KANSAS CITY, Mo. (AP) — During a bad year to be coordinating offense or defense in Kansas City, this could be an especially bad week.
As the Chiefs (1-9) prepare to host AFC West-leading Denver, it's hard to find even one encouraging trend or stat for Brian Daboll's impoverished offense or Gary Gibbs' put-upon defense.
The Chiefs have lost seven in a row, while the Broncos have won five straight. During that time, the Broncos (7-3) have scored 30 or more points every time out. The Chiefs' biggest output all year has been 27, and that was back in September.
Making his third start for the Chiefs at quarterback will be journeyman Brady Quinn.
"He's a pro. He's been working at it," said Daboll, who signed on with KC last February.
Critically important will be getting some regulars back onto an injury-ravaged offensive line. By the end of last week's 28-6 loss to Cincinnati, right tackle Eric Winston was the only starter still in the game. Facing fierce pass-rushers Von Miller and Elvis Dumervil, with 21 sacks between them for the Broncos, a patchwork offensive line does not bode well.
"Those two guys are one of the most dynamic pass-rush tandems in the league. We've worked a lot of different combinations out here," said Daboll. "This guy here or this guy here. We've been trying to prepare for all scenarios."
So far, while hitting 35 of 58 passes and getting sacked and intercepted three times, Quinn has yet to produce a touchdown.
"Brady's been working real hard," said Daboll. "Now we're going to have to put it together against a team that can really rush the passer."
In their last six games, KC's impoverished offense has averaged fewer than 11 points while dropping to dead last in scoring, turnover margin (minus-21) and point differential (minus-13.2). In three games, the Chiefs have failed to score an offensive touchdown at all.
As if that weren't enough to give heart to Denver fans, Broncos quarterback Peyton Manning brings in a career record vs. KC of 7-1.
Plus, it's not as though Kansas City has made a habit every season of peaking right about now. Since 2007 in November games at Arrowhead Stadium, the Chiefs are only 2-9. The last time they bested an AFC West foe in a home game in November was 2006.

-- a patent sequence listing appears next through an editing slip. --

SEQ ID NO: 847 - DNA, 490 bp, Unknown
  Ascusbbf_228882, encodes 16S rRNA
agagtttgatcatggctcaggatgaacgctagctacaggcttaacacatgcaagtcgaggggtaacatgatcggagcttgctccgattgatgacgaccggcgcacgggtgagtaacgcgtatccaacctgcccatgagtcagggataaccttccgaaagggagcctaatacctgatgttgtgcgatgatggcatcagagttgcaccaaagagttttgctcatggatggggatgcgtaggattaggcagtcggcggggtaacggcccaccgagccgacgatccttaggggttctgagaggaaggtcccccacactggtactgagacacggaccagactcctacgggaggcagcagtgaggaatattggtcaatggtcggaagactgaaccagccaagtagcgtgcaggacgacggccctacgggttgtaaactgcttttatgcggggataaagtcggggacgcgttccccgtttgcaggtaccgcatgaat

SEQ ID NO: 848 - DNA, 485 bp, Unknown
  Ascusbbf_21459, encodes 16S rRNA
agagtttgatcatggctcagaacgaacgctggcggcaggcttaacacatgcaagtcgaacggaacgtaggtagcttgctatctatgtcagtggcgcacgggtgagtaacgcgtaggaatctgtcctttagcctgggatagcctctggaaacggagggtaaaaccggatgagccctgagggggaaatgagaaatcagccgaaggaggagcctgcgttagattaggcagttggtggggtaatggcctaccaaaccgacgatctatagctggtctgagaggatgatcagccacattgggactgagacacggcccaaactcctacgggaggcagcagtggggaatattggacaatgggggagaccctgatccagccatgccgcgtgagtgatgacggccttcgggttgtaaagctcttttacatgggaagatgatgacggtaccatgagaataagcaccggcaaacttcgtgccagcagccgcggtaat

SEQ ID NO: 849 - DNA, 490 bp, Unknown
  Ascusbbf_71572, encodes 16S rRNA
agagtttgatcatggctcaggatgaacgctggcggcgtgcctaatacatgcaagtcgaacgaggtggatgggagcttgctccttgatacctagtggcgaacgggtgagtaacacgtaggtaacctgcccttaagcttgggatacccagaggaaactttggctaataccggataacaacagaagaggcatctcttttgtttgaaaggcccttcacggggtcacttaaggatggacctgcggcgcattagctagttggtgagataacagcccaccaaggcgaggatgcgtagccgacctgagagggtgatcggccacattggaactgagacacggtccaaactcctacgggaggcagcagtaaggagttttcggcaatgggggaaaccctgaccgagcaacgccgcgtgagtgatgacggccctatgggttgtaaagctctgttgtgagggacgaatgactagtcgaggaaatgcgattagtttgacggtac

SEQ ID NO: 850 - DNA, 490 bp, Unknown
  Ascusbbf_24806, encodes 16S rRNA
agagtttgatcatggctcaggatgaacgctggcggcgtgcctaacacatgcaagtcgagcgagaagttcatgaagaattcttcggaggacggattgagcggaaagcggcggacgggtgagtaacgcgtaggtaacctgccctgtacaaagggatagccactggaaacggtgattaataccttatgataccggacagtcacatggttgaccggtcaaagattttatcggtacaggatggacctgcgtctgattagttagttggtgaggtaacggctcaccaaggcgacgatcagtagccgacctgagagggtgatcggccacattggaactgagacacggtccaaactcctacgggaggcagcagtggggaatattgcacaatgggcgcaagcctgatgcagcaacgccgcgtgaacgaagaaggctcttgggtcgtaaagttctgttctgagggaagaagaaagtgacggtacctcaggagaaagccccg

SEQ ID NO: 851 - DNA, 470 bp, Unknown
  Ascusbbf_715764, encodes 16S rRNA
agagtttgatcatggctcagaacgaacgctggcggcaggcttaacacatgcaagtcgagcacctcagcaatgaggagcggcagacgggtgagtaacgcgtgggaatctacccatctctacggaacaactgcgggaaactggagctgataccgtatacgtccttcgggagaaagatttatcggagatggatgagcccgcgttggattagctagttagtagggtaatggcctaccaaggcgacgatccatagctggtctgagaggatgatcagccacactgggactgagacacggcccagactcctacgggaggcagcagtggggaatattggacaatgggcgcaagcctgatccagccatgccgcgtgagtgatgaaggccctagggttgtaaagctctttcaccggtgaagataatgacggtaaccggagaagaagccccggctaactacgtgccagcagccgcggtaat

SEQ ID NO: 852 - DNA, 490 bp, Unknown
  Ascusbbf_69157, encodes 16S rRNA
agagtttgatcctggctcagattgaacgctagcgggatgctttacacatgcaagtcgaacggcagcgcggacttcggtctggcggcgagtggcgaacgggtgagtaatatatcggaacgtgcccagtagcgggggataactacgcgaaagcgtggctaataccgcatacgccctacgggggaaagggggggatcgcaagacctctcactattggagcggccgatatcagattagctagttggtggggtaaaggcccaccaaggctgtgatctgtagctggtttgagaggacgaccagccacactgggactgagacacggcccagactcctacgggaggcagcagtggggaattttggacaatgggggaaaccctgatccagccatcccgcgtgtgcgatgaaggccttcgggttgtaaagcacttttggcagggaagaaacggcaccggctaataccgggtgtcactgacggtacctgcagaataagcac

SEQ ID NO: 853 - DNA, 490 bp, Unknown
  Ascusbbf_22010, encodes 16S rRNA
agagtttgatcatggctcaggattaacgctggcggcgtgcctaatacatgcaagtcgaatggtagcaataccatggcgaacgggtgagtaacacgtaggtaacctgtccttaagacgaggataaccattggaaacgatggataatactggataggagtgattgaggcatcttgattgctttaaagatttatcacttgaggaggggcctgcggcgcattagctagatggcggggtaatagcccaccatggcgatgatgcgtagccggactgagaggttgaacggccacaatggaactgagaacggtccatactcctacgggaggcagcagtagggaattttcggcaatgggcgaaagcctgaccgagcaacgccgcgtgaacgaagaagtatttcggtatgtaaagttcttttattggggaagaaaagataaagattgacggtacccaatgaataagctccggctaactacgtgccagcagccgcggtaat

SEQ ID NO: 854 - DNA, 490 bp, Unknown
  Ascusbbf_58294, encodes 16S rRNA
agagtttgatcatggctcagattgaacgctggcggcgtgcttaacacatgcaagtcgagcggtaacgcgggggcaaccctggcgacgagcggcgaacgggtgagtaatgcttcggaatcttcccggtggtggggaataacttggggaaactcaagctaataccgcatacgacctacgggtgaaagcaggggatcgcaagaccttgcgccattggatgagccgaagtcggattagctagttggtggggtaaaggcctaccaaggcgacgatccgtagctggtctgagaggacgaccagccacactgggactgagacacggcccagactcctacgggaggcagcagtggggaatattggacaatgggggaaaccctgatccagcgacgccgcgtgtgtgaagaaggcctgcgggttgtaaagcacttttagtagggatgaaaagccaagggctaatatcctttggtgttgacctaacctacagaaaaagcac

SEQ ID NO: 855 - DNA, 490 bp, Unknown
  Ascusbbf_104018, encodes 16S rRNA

"There's challenges and we understand it," said Gibbs.
"We know (Denver) is a very good offensive football team. We all understand how good Peyton's been for many years and we know what he brings to the table."
Gibbs was promoted from linebackers coach three weeks ago when Romeo Crennel decided to be the full-time head coach. On a Monday night in Pittsburgh, Gibbs' first game in charge, the defense had one of its finest efforts, but still dropped a 16-13 decision.
Then last week in Gibbs' second game as coordinator, there were a number of mental breakdowns while Cincinnati scored four TDs and the usually plodding Benjarvus Green-Ellis went over 100 yards rushing for the first time all year.
The hope was that a new man in charge might be a motivator.
"Whenever you get a new boss, there's a little bit of a spark," said linebacker Derrick Johnson. "We needed it."
While there seems to have been at least the beginning of an improvement on defense under Gibbs, the same cannot be said of Daboll.
In fact, unless the Chiefs find a way to pull out of their offensive nosedive these next six games, he will steward one of the NFL's lowliest bottom feeders for the third time in four years. In 2009, his first season as a coordinator, the Cleveland offense finished last in the 32-team league. The next year they progressed to No. 29, an upward trend for Daboll that continued the following season in Miami when he took the Dolphins offense from a No. 30 ranking in 2010 to No. 20 in 2011.
But there'll be no similar improvement this season in Kansas City. Plagued by injuries, turnovers, penalties and poor execution, the Chiefs through 10 games have scored only 12 offensive touchdowns, including five oh-by-the-way scores in the final quarter when they trailed by 21 points or more.
Crennel, who's being blistered daily by disgruntled fans, was terse when asked if he's been pleased with how his offense is coached.
"At times," he said. "I mean, you know, this is a results-driven business we're in. And when you get results you feel good about it, and when you don't get results, you don't feel good about it. There have been some ups and downs offensively."
Taking over at midseason hardly gave Gibbs time to put his personal stamp on the defense.
"Our system is in place and we play our system and when we do what we're supposed to do, we play decent football," Crennel said. "When we forget what we're supposed to do, then we give up plays.
"The fact that he's new and he's different, I think that in itself gets guys' attention. But practice is practice and there's not much change that will occur during practice."